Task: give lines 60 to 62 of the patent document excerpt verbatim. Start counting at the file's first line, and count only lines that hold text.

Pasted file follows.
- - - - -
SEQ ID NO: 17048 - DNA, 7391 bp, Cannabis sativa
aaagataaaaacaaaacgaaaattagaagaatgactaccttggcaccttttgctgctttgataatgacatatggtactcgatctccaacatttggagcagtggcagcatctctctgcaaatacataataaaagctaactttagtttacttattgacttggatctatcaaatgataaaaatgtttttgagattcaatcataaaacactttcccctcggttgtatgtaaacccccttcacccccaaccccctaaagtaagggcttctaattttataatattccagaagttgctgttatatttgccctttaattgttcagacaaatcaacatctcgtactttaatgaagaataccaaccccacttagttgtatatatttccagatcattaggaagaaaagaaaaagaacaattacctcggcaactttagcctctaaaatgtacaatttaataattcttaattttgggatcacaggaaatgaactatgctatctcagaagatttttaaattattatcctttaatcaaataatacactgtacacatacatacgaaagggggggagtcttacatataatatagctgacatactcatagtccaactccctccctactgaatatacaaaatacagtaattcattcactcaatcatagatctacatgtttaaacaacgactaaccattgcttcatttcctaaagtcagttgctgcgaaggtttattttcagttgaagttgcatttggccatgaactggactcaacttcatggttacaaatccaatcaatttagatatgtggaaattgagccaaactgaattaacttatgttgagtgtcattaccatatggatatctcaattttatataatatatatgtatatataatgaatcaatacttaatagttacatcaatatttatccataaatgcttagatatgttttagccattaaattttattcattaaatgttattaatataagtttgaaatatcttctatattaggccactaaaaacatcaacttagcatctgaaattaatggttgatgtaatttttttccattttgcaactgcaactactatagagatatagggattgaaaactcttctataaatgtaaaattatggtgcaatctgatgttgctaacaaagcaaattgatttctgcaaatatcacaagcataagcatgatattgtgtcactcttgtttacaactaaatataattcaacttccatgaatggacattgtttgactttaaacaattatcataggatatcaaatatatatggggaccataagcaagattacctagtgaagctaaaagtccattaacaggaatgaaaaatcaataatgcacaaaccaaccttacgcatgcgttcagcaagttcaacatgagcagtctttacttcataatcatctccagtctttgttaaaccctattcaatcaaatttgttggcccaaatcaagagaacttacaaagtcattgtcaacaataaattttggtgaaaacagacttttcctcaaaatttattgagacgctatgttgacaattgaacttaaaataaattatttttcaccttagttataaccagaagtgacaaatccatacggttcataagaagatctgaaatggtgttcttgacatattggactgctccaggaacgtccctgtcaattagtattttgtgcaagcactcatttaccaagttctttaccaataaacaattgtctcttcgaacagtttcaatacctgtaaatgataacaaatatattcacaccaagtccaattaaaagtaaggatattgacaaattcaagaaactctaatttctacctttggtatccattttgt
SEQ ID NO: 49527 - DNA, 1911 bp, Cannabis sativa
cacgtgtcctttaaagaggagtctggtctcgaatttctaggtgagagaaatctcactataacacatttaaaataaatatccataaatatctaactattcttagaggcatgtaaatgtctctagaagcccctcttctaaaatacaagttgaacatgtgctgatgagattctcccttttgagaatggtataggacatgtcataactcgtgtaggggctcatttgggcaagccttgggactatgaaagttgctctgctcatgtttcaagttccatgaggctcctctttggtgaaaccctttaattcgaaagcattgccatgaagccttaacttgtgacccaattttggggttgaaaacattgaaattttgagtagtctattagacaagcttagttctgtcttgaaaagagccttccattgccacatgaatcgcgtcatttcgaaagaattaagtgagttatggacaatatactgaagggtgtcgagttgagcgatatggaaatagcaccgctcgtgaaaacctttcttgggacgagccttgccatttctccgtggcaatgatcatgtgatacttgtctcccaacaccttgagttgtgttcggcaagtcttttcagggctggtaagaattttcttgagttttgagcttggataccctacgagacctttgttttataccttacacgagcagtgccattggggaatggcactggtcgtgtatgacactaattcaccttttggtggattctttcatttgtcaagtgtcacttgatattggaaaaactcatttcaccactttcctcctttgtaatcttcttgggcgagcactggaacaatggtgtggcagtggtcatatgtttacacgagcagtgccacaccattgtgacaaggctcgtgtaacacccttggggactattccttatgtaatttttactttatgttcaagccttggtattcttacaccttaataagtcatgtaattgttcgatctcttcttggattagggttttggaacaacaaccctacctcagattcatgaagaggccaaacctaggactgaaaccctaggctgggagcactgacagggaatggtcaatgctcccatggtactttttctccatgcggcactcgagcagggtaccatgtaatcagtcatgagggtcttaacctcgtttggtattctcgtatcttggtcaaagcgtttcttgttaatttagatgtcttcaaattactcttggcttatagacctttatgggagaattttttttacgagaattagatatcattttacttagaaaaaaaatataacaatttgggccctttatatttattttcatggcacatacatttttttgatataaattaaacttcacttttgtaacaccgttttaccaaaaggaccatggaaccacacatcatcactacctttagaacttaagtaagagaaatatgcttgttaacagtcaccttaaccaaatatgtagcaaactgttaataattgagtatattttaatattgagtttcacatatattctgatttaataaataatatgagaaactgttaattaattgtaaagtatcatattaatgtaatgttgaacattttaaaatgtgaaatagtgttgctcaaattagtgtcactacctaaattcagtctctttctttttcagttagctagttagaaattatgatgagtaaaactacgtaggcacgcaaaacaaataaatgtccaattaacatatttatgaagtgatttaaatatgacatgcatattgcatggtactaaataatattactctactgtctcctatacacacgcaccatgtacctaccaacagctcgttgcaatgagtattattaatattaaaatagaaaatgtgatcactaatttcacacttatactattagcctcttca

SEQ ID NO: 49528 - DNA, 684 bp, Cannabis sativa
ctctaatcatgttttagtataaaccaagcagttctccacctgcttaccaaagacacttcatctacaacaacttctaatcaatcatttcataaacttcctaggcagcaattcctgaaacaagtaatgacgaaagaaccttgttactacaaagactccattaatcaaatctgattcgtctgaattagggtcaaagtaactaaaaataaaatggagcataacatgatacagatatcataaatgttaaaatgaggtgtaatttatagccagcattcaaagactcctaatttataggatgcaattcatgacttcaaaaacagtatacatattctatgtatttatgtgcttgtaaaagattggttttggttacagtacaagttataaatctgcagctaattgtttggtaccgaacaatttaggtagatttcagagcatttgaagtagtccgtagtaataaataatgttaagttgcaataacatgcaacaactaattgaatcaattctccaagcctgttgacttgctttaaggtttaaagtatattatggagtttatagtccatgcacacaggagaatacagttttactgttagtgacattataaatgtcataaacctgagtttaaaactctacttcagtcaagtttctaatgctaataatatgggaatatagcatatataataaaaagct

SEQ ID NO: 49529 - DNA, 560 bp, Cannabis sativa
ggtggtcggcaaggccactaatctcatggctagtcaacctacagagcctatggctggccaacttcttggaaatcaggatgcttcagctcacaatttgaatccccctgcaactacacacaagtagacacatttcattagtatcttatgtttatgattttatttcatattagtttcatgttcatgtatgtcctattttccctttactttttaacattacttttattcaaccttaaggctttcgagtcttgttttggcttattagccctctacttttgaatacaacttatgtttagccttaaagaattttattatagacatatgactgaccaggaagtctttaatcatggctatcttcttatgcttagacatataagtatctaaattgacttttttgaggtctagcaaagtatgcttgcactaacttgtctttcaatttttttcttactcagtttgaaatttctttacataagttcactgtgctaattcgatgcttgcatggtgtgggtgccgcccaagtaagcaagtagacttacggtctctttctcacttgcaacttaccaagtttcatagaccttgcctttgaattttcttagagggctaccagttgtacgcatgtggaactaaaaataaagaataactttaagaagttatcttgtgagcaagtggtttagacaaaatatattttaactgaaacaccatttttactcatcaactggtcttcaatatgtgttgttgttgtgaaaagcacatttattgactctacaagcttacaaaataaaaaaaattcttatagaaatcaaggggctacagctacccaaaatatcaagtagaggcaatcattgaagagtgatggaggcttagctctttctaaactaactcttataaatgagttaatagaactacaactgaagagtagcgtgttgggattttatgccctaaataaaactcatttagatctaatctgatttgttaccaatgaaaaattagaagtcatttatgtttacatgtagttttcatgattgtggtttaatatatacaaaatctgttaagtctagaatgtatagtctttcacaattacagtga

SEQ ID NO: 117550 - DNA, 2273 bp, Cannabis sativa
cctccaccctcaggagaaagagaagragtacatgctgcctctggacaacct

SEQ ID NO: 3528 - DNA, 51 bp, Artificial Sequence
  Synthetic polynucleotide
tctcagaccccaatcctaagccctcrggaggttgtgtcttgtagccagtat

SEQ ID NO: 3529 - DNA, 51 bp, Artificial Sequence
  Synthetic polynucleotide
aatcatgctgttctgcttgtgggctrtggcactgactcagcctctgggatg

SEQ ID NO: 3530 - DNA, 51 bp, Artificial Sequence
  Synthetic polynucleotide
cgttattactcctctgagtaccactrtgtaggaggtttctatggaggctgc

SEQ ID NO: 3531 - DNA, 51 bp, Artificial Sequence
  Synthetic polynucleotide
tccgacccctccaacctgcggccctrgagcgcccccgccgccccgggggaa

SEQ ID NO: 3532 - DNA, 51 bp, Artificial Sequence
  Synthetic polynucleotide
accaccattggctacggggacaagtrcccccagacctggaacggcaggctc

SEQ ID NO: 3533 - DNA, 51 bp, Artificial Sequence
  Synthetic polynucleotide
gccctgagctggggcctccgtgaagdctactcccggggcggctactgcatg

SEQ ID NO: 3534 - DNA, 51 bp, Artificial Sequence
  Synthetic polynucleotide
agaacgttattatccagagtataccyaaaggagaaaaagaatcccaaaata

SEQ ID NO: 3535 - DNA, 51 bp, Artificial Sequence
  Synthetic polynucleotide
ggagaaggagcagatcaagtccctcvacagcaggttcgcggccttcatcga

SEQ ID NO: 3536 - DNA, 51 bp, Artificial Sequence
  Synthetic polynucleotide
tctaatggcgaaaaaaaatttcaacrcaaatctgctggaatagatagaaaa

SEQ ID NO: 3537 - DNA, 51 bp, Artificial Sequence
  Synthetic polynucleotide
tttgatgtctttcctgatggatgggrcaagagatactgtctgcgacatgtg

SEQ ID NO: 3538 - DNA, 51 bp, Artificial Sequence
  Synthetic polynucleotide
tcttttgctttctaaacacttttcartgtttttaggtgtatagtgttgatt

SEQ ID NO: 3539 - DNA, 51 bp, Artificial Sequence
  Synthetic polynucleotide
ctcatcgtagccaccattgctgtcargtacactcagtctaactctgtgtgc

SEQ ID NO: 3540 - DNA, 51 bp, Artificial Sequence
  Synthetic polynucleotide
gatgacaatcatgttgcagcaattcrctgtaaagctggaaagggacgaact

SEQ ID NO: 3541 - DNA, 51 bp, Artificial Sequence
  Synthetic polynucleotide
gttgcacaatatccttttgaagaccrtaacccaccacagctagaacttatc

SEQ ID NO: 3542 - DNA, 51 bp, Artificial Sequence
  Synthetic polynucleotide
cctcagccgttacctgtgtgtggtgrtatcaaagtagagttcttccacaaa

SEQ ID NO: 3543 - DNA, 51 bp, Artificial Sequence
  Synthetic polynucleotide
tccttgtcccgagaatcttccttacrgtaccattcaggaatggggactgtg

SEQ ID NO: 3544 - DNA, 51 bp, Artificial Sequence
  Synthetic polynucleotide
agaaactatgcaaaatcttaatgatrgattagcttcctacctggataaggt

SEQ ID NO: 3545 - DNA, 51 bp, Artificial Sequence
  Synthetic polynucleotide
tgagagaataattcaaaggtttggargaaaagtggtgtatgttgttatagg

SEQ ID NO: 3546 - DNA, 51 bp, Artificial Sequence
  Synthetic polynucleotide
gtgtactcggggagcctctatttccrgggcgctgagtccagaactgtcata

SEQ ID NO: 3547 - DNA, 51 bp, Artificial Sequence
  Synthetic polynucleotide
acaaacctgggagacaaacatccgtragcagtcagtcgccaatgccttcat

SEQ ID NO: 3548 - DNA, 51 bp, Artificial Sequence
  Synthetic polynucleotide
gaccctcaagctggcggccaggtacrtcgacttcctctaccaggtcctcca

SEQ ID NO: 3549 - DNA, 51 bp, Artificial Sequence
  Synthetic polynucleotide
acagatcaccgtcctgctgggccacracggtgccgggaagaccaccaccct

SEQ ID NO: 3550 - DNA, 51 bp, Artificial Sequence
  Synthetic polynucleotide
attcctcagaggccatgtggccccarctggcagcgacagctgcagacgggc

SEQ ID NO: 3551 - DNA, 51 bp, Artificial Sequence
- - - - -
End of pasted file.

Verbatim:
  Synthetic polynucleotide
agaaactatgcaaaatcttaatgatrgattagcttcctacctggataaggt

SEQ ID NO: 3545 - DNA, 51 bp, Artificial Sequence